00:09:35   there are ways it can be done poorly or ways that it can be less effective than you want it to be

00:09:40   or cannot account for things that you might not know about as the customer or layperson.

00:09:45   So I've only hired trademark lawyers to do it and I think a ballpark for the fee on it is usually

00:09:51   around $3,000 maybe. Again there might be cheaper places. This has just been my experience. So

00:09:57   you're going to spend around $3,000 maybe $3,500 to file a trademark. And because this is a pretty

00:10:03   big amount of money for a lot of indies, this kind of determines like part of like whether you should

00:10:09   do it or not. That's a very, very big question. So I have trademarked the word Instapaper when I was

00:10:16   running Instapaper as the name of the app and what it did. I've also trademarked the word Overcast

00:10:22   when I launched that and then I also trademarked Smart Speed and Voice Boost, the names of those

00:10:27   two features. And there were multiple reasons for all those that I'll get into. So when I trademark

00:10:31   Instapaper, probably one of the biggest risks that indies actually face, one of the biggest

00:10:37   annoyances and needs for intellectual property protection that we face as developers of apps

00:10:42   on phones is people uploading clone apps or people ripping off our assets and using them in their

00:10:47   apps or people using an app with the same name on a different platform. So suppose a popular app on

00:10:52   iOS doesn't have an Android version. There will be people who will create the same name on Android

00:10:58   trying to capitalize on that success and trying to confuse, trying to trick people into thinking

00:11:02   that it's an official app, stuff like that. If somebody just like rips off your icon, which is

00:11:06   extremely common, that's very simple. That's copyright. So that's automatic. You can file a

00:11:12   complaint with Apple or Google, whoever is the app store in question here. Or if it's on a website,

00:11:19   you can file a DMCA request with their host. Copyright is fairly straightforward to try to

00:11:25   enforce. All you say is, "Look, this person is ripping off my image or sound or whatever here.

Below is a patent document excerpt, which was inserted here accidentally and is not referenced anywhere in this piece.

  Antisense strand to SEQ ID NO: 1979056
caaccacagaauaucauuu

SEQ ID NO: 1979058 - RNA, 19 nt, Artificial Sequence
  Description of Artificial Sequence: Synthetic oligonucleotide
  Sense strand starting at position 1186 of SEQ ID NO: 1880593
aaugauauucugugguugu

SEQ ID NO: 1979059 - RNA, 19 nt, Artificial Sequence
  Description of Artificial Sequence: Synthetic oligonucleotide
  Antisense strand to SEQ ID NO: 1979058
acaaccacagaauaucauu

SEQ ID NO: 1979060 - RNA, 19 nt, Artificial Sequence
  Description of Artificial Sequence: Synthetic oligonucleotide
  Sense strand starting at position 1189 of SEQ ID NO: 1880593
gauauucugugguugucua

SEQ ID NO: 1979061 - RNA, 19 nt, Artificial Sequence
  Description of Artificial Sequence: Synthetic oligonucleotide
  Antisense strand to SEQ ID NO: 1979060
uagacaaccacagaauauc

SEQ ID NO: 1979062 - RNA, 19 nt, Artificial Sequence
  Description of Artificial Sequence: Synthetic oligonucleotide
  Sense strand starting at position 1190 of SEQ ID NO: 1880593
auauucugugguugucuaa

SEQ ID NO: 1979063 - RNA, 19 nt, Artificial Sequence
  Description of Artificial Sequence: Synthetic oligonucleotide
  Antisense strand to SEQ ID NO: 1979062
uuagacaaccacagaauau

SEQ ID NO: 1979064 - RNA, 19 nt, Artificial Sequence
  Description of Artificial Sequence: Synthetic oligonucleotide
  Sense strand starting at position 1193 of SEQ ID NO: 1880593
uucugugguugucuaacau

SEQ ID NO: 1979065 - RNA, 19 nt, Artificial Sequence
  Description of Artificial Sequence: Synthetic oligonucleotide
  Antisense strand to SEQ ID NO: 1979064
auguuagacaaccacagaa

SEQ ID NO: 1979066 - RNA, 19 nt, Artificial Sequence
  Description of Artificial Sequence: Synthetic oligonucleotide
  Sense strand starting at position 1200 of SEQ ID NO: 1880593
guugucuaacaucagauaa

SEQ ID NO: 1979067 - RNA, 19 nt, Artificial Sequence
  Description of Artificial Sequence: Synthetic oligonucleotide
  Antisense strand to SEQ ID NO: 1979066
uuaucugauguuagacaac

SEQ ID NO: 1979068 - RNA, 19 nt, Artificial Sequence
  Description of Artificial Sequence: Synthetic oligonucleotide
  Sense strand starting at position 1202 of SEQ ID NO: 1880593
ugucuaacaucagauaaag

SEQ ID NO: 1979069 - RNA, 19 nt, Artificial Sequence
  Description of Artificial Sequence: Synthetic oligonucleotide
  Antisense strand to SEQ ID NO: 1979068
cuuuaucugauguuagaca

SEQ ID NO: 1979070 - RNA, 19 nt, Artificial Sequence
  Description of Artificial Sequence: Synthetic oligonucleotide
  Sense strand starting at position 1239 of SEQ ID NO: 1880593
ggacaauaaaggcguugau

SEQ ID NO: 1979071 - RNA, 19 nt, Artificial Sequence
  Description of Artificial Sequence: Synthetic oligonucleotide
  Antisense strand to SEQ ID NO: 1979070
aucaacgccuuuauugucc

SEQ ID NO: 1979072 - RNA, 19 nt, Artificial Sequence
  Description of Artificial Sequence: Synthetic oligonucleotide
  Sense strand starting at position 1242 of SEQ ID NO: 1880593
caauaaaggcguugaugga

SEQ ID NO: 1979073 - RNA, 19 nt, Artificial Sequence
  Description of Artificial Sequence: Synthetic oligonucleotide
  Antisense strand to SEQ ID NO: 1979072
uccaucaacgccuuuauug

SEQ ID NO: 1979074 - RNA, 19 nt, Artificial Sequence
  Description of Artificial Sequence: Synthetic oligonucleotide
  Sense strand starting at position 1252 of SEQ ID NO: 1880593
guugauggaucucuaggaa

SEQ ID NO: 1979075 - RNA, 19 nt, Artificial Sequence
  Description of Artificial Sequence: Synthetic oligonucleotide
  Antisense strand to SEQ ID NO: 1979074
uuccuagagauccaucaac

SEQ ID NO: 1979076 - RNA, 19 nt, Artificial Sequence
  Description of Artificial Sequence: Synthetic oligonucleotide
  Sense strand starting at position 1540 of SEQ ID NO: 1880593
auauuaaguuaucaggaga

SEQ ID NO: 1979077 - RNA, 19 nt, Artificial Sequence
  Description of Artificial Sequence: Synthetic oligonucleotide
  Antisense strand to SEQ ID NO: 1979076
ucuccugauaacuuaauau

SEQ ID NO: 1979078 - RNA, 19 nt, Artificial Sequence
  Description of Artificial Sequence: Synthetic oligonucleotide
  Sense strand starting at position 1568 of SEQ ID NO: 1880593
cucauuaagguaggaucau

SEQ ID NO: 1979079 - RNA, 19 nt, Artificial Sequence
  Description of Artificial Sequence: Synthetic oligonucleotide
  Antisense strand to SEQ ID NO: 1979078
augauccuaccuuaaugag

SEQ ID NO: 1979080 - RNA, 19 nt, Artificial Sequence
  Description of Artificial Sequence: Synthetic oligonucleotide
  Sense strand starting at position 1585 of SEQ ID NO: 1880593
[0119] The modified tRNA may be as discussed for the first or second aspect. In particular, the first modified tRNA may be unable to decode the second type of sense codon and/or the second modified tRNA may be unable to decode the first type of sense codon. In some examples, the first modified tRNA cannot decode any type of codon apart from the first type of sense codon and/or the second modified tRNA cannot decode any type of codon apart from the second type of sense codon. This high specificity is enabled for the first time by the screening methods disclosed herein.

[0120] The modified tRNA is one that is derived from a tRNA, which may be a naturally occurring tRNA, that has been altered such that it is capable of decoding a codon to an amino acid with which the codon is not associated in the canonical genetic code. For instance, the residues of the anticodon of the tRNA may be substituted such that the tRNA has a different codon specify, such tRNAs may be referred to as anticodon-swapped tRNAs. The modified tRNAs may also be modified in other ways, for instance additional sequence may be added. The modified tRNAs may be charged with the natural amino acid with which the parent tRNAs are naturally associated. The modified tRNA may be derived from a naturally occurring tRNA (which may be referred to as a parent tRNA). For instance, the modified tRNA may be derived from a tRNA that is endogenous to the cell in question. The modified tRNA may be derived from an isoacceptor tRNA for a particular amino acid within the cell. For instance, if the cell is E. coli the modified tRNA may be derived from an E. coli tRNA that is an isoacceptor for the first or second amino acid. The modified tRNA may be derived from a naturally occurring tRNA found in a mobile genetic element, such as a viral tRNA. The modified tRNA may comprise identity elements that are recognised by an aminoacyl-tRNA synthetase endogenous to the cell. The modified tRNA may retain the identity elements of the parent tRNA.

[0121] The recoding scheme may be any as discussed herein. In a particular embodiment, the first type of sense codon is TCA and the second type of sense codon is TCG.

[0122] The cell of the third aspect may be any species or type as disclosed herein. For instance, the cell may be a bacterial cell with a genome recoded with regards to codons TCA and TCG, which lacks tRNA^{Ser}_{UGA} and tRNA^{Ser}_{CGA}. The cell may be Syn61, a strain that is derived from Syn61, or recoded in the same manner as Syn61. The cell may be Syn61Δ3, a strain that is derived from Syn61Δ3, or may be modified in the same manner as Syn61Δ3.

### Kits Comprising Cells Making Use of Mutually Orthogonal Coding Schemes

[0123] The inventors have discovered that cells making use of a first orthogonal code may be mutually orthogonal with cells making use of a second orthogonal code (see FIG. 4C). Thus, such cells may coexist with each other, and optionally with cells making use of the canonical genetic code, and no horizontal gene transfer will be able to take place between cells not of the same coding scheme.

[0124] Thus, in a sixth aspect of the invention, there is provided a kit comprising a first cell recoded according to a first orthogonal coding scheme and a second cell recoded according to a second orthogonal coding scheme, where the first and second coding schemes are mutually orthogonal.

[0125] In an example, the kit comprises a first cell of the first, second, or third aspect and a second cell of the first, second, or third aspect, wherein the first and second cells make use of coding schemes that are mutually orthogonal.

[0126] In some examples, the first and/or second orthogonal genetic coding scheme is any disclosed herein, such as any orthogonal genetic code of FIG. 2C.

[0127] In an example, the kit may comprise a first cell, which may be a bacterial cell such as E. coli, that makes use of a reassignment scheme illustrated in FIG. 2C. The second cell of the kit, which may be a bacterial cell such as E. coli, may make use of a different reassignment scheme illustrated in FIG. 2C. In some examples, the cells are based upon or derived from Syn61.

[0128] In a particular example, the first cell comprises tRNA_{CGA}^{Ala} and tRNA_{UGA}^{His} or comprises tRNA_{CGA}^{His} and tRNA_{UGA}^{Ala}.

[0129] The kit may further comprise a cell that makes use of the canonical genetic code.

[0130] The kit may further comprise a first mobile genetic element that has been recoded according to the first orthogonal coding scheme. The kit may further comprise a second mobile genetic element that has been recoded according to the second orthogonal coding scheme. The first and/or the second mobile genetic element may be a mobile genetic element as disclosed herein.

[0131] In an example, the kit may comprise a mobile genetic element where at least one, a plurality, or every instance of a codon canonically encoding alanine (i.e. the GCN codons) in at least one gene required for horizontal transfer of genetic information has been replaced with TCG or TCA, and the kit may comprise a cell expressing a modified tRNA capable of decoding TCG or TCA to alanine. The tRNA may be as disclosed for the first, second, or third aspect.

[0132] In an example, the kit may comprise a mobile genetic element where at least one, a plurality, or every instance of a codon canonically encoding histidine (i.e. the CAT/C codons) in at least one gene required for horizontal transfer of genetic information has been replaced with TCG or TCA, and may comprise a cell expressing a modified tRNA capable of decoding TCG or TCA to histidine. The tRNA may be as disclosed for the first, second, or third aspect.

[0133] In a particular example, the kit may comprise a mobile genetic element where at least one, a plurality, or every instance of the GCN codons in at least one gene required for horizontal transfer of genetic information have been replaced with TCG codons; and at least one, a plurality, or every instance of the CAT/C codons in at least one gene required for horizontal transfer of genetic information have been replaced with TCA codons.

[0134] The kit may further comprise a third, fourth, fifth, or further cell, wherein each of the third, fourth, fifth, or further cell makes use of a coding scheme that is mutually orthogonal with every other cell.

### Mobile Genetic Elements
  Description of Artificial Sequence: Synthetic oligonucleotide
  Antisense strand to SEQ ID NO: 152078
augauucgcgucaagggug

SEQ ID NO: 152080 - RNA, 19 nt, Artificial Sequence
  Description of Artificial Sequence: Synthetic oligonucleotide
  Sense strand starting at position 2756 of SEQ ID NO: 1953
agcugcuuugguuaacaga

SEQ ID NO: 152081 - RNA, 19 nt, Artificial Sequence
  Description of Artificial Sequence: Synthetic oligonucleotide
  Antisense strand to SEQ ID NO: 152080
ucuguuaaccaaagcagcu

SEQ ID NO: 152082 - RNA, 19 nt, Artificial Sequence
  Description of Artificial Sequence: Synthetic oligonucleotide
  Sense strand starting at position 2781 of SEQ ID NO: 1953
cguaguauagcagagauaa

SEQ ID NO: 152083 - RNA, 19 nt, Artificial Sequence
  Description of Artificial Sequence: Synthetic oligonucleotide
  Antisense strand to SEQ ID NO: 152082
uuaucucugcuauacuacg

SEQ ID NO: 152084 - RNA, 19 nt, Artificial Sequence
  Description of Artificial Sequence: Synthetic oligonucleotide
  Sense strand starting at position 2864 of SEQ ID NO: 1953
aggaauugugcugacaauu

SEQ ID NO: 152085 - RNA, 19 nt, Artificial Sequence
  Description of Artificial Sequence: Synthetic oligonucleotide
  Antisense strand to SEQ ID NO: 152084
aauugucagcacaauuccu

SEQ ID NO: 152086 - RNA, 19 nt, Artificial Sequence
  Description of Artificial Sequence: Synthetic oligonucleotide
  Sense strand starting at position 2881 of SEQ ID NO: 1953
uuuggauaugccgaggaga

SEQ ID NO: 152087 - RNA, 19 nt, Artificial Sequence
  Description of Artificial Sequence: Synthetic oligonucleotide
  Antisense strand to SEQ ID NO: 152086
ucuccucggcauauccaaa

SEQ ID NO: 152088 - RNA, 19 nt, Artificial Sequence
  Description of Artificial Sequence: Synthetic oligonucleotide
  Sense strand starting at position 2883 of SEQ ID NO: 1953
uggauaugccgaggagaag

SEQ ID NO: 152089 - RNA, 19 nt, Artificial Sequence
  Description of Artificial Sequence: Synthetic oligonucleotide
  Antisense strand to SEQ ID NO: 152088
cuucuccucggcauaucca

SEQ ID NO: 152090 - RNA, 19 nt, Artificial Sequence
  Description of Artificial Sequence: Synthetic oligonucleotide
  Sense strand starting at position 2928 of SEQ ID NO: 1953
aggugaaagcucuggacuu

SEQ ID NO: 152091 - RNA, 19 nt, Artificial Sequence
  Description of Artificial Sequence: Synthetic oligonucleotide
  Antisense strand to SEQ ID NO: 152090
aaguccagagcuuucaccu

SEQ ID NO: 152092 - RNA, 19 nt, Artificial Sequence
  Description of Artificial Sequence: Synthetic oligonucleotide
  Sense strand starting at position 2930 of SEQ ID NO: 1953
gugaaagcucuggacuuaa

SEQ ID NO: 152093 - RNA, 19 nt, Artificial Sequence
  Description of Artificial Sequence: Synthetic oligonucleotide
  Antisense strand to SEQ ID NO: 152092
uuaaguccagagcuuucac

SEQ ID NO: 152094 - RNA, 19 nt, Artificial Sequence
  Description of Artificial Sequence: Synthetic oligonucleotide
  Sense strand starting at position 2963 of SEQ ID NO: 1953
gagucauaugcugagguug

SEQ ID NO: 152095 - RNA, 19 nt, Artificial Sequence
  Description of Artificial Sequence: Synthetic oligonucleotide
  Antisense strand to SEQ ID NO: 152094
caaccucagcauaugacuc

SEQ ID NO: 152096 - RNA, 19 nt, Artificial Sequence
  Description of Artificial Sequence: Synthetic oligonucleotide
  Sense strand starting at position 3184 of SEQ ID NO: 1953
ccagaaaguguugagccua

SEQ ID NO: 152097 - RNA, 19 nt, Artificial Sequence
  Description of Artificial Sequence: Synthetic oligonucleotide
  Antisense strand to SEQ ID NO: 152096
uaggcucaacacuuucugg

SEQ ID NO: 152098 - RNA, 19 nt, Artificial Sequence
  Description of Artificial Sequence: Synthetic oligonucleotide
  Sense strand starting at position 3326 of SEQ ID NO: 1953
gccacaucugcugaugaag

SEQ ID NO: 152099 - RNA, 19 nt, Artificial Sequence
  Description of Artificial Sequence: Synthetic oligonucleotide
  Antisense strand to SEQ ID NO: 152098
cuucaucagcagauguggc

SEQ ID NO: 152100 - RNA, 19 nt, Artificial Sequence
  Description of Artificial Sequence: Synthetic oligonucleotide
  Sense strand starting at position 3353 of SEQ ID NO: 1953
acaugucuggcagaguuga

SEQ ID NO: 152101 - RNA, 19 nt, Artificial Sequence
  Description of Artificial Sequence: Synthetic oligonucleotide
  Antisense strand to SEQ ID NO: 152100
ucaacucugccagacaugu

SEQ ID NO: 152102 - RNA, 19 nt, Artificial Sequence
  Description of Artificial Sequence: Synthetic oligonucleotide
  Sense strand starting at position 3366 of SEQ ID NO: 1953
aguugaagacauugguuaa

00:11:31   This is my image. Here is where it actually lives. Here is proof that it's older than this,

00:11:36   whatever, or that I made it." And those are pretty easy to get taken down pretty quickly.

00:11:41   Trademark is trickier, and that's one of the reasons why it's less common and more expensive

00:11:47   to enforce. It's a broader enforcement. So when I trademarked Instapaper, that also meant

00:11:55   that somebody could not come along and make an app that was similarly in the web page or

00:12:03   reading business and call it something like Instanpaper. Even though it's not the same thing,

00:12:10   it's not the same word, my trademark would have protected me from anybody doing something that

00:12:15   close to it or Instapooper. They couldn't do things like that. That would be too close to

00:12:20   my trademark. One thing that's important to know about trademarks is that they're fairly broad in

00:12:29   you need to be pretty far from the word that is trademarked in order to be safe from it.

00:12:34   But trademarks are only issued in certain industries and certain uses. And you can go,

00:12:41   and trademarks are all available online for searching. If you go to USPTO.gov,

00:12:46   you can go to their search engine and you can search all live and dead trademarks.

00:12:51   The trademarks do expire after a certain time, and if they're abandoned, then they're no longer

00:12:55   valid. And also, by the way, if they go unenforced, they're no longer valid. So if you get a

00:13:00   trademark, you have to enforce it. You have to actually police uses for it. I don't know the

00:13:06   fine details of that, so I'm not going to get into that. But anyway, I have the word trademarked

00:13:10   overcast for, if you look at the description, it's for a certain list of uses. So it's like

00:13:15   goods and services related to music and audio and podcasts and maybe video playback and podcast

00:13:23   applications for mobile phones and tablets and web and things like that. It lists a list of uses.

00:13:28   That does not include things like weather. So if you wanted to make a weather app named Overcast,

00:13:34   my trademark can't stop you from doing that. But it does stop you from making an app that's named

00:13:41   Overcast or anything very similar to Overcast in these areas. That's one of the reasons I got,

00:13:47   is because I wanted that. Now, Overcast is also a special case. One of the biggest problems

00:13:53   that a lot of indies face, as you mentioned, David, is that sometimes people release an app

00:13:59   with a name without having done a trademark search. Please never, ever, ever do this,

00:14:06   anybody. You can go to USPTO.gov, you can search trademarks. Before you name anything you're

00:14:13   releasing into the world, go there and do a basic search. It takes 30 seconds. And just see if

00:14:19   there's anything kind of like or very similar to or exactly named that that is in any industry close

00:14:24   to what you're doing. If so, just pick a different name from the start. Because so often what happens